Tualoaina’s experience of that moment was horrific for one so young.  He describes the bloody scenes and how it fostered an atmosphere of fear that even today he can almost feel.

“When you’ve experienced that sort of abuse, you don’t leave there going ‘I love my family’. You leave there thinking, ‘What is going on?’

“Being only eight years old, experiencing this type of trauma and living in an environment that was constantly hostile and toxic, it is not long before you start planning how to cope.” 

Which is exactly what Tualoaina and his siblings did. He explains the three areas in which research indicates to support children developing resilience.

“Faith, culture and traditions is a protective factor that supports one to strengthen their belief in something that is not seen, yet the belief that there is a better place after this life on earth,” he says.  Having faith and hope and believing things will get better is helpful. Physically praying in the home and going to church builds strength that one has the support from a higher power to get through difficult situations.

“Having one caring and supportive adult, who is trusting and welcoming, like a mentor, can help to build a child's self-worth, confidence, and executive function. These include problem solving, planning, decision-making, time-management and understanding consequences. If you just have one person that absolutely has your back, that is enough to change your trajectory to help you be strong.”

 Tualoaina cites an example when he was nine years old. His school principal knocked on their door at home and said, “I just want to give this to Tualoaina.”

“That principal gave me a calculator,” he recalls.

“Well, from that point on I thought I was the brainiest in maths. I started to think, ‘I’m really good at maths’. And, each year before I got to college, I would go to him and say, ‘Thank you for your help’.”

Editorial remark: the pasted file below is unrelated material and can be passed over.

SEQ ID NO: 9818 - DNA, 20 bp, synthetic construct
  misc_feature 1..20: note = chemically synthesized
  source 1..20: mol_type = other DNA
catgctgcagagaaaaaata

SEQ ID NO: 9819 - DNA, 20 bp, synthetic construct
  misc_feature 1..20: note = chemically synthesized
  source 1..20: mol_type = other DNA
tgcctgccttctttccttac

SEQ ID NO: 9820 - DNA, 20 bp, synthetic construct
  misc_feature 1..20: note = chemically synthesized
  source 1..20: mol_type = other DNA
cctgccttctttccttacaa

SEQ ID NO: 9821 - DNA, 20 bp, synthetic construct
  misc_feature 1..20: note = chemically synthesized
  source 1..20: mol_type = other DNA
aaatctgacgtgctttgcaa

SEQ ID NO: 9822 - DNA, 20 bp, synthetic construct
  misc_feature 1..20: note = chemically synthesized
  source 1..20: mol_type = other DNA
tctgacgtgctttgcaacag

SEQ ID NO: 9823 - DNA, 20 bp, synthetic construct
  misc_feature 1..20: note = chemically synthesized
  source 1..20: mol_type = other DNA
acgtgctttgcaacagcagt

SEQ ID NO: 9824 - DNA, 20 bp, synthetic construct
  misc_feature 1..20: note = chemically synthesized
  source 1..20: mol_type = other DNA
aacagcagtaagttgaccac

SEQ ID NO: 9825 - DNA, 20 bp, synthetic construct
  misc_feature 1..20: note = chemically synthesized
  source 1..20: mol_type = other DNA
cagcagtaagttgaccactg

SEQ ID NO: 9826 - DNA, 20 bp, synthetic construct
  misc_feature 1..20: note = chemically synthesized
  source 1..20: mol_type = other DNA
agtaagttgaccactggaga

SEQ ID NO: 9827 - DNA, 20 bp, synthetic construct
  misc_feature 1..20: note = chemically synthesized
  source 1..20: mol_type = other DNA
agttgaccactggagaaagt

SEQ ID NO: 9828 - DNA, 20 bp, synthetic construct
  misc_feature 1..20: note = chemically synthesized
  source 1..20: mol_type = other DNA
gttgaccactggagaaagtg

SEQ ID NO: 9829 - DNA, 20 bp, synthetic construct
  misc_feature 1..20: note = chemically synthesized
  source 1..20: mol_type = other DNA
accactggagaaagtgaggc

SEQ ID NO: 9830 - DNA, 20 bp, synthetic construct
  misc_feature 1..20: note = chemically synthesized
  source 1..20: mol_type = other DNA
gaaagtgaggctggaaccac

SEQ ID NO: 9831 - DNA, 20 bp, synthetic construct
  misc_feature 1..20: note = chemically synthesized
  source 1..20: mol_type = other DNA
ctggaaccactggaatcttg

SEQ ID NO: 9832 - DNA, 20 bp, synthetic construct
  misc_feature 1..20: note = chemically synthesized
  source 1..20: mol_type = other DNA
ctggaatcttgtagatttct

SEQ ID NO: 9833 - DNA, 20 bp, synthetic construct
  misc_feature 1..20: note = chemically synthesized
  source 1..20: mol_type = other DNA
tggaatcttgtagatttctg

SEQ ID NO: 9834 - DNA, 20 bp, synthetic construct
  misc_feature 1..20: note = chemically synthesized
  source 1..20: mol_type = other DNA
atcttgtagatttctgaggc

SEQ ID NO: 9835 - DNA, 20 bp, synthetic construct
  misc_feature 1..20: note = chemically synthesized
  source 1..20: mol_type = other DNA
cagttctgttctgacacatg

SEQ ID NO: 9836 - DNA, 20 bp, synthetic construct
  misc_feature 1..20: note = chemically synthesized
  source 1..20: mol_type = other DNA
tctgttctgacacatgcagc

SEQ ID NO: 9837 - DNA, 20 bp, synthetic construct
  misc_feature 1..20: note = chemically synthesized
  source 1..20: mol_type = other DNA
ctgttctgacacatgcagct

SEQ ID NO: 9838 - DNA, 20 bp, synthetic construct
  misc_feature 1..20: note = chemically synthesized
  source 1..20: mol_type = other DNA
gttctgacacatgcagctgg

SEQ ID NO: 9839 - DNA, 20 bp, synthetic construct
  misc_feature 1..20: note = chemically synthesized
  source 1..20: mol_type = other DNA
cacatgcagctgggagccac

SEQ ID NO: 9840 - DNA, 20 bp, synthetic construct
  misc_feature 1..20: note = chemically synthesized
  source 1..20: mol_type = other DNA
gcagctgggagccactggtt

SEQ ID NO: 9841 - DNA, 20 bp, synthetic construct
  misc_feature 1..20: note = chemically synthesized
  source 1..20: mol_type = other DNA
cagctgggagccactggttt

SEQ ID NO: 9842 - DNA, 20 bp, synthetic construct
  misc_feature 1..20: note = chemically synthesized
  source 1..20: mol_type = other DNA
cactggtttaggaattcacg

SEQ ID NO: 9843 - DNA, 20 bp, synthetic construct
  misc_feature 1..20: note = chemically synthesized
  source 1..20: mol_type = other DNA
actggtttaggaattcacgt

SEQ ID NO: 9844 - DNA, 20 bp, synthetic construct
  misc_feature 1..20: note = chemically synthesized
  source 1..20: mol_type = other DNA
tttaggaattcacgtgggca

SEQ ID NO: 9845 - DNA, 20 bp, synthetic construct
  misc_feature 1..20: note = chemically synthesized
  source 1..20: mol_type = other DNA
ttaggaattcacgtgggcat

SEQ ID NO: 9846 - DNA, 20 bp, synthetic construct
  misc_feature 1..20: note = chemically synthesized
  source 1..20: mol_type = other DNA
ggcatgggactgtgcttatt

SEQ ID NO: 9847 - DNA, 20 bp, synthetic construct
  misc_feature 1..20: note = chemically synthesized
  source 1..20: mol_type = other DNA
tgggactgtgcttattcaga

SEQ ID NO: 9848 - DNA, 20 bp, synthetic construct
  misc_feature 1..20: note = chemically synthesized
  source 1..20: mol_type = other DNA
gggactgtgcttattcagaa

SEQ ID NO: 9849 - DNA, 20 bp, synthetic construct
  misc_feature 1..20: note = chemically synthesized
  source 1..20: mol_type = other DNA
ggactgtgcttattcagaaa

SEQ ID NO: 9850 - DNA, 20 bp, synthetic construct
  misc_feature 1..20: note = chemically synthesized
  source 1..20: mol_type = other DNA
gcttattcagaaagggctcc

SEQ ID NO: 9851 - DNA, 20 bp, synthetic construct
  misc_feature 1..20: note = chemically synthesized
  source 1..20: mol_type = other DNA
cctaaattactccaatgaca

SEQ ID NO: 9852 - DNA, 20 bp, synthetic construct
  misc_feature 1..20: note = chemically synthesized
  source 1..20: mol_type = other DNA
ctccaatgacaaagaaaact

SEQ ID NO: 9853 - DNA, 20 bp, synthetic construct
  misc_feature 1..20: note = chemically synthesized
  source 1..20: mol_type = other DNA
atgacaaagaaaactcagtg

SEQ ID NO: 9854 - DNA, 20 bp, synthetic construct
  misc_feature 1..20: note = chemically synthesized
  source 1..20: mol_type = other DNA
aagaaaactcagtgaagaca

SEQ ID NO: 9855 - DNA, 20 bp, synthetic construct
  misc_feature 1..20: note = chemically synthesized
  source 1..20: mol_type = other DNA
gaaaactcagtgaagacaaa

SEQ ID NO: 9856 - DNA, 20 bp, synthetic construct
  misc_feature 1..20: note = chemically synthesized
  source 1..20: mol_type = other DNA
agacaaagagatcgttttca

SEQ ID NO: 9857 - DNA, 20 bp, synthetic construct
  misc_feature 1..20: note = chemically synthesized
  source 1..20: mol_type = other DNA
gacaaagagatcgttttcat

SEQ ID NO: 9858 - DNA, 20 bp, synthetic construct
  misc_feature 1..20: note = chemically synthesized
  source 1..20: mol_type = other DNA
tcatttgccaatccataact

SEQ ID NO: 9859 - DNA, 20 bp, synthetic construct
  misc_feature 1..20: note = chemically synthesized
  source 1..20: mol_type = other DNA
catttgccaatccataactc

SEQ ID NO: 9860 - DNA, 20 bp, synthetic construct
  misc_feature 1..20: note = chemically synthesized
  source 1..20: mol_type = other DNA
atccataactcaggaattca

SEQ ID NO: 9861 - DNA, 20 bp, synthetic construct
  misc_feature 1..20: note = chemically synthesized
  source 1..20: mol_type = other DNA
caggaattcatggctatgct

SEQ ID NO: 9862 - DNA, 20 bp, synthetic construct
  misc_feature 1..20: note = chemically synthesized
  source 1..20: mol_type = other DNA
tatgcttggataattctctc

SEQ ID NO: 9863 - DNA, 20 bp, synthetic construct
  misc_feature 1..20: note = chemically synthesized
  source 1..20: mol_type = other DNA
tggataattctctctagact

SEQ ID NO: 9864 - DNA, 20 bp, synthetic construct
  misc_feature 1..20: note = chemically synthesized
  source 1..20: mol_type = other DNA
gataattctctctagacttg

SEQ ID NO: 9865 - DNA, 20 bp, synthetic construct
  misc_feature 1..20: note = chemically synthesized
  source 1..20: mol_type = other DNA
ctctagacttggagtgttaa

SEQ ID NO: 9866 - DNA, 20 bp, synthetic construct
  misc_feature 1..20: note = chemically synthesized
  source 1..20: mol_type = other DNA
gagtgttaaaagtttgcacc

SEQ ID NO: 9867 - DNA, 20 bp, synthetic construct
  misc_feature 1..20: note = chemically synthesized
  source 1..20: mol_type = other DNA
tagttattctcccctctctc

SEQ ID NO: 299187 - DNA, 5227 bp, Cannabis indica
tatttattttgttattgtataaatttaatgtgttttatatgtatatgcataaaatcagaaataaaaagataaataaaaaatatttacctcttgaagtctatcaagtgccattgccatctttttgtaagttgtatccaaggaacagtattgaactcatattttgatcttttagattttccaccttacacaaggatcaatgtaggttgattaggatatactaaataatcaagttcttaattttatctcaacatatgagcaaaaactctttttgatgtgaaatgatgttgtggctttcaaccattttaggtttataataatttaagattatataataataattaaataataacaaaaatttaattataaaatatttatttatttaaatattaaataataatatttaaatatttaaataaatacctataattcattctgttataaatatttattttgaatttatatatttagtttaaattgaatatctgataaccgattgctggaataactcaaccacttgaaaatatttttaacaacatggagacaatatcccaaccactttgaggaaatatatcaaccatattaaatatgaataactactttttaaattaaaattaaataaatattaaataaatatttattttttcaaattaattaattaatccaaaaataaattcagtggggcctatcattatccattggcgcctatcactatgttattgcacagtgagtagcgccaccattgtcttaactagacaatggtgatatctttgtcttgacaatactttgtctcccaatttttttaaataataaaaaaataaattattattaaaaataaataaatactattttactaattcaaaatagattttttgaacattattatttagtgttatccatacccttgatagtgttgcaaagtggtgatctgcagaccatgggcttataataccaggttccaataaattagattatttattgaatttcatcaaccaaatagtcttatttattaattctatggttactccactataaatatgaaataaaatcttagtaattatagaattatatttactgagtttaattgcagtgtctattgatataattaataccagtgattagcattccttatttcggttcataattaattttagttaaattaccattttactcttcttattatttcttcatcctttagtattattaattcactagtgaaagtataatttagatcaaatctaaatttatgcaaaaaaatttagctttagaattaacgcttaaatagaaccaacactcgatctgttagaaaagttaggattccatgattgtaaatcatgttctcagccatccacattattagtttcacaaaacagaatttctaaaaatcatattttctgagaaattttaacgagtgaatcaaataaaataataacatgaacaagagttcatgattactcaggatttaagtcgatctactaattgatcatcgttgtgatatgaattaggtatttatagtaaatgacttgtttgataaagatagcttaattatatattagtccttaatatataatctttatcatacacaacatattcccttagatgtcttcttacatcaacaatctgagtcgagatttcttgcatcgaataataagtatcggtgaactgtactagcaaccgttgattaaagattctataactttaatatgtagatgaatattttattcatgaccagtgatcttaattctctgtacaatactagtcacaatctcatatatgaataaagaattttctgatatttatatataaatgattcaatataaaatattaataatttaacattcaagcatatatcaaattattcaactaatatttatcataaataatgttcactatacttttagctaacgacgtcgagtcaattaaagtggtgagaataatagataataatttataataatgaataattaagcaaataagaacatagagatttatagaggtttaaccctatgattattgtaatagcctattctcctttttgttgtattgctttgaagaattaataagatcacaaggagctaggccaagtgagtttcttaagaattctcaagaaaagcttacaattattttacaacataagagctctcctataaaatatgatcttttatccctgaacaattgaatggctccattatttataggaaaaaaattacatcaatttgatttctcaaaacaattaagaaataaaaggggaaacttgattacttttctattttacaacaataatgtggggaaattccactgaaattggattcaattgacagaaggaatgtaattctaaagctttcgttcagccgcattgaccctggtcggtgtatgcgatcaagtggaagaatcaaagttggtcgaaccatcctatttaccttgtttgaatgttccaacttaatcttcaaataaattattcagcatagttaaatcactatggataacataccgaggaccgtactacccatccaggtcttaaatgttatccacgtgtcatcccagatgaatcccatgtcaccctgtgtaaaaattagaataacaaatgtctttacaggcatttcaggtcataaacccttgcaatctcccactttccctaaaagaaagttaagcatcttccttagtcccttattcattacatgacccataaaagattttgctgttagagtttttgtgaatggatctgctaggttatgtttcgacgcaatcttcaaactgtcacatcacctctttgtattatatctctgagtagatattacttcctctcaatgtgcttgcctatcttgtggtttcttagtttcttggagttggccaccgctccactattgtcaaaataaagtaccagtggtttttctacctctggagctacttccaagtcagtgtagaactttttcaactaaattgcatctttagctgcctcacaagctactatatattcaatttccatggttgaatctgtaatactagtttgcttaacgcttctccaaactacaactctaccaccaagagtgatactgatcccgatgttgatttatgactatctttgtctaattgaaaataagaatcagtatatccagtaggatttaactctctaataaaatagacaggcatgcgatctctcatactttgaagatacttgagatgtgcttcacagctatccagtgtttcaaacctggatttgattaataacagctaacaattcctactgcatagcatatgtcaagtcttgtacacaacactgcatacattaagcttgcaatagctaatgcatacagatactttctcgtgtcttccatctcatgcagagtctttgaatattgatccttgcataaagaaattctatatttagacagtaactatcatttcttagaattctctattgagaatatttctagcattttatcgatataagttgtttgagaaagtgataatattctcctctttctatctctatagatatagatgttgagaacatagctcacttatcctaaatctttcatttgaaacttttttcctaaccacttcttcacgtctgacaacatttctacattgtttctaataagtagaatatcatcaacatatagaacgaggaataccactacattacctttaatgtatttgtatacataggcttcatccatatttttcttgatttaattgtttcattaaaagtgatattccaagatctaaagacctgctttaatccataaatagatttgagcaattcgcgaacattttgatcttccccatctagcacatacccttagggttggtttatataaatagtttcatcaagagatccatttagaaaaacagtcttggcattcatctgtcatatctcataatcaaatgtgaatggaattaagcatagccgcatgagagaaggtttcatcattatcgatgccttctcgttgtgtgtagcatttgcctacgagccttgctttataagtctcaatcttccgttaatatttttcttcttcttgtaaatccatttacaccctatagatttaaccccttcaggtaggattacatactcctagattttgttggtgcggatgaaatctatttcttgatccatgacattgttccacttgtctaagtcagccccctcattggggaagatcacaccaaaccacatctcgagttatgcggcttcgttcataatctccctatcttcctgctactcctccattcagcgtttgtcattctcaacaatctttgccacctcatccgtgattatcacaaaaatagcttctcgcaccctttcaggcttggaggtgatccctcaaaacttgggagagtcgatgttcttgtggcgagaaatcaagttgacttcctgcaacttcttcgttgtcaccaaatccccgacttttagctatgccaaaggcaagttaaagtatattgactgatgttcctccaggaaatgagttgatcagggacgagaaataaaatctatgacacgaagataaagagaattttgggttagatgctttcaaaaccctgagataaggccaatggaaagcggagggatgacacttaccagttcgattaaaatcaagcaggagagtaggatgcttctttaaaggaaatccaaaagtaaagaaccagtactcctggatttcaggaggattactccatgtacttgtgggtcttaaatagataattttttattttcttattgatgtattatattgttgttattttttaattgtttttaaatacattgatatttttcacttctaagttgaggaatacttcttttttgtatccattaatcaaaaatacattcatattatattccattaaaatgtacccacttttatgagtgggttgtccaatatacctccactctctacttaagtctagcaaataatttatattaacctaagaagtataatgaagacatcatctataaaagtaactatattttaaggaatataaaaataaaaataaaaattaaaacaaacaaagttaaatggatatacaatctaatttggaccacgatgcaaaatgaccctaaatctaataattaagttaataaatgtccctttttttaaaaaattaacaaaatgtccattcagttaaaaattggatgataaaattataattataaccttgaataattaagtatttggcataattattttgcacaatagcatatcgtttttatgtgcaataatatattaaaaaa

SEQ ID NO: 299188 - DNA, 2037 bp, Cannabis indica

“Then I got to into Teachers’ College. I went back when I graduated and said ‘I’m a teacher now. Can I be a teacher here?’ And he let me be a teacher at his school.”

From experience Tualoaina says that if you believe in your capabilities, you can overcome hardship and guide your own destiny by further developing the thinking part of your brain. He cites areas such as planning, problem solving, time-management, consequences and self-regulation.

“It helps you to be strong within yourself. When I’m talking about my experiences and trauma, I refer to the research, which I’m lucky to have at my fingertips.” 

Despite his traumatic early experiences, Tualoaina says he loves his big family of 13 siblings and he loves his Samoan heritage.

“I always reflect on my faith, the culture and the traditions and the age-old wisdom of my mum, whom I adore. She is turning 86 years old this year and my mother plays a big part in the family, as our dad passed away in 1998.”

As Tualoaina reflects back on his own childhood, he looks forward to holding onto the values of his Samoan culture, faith and traditions, while fostering an environment of healthy relationships according to the research to nurture his own children.

It is also what he carries out when supporting parents in his community as a SKIP Champion.   

“If you’re a good communicator, willing to be humble and listen while showing acts of kindness and alofa – things that our parents have taught us - then that is the basis of respectful relationships.” 

To maintain a quality relationship, Tualoaina says you have to be responsive, which means that if a child is talking to you, and you’re listening and then responding, it develops the child’s ability to feel worthy, validated and listened to.

“As we do that with our kids from when they’re a baby, right through to when they’re young adults or teenagers, if you’re keeping up that communication, you’re likely to discover they’ll do the same when they become parents and have their own children.” 

To see more of Latu’s work visit:


Some brainwave trust resources:
Resilient Rangatahi: https://www.brainwave.org.nz/…/Resilient-Rangatahi_web-25.1…
Family Violence: Children get hurt: https://www.brainwave.org.nz/…/Brainwave-Review-Autumn-2020…



It is important we continue to keep our families and children safe in our homes. Some Pacific families may be feeling vulnerable. Remember that family violence support services are available. For emergencies please Dial 111.

Click here for resources and links to available service providers.

Pasefika Proud is a Pacific response to focus on community-led solutions that harnesses the transformative power of traditional Pacific cultural values and frameworks to encourage violence-free, respectful relationships that support Pacific peoples to thrive and to build strong resilient families.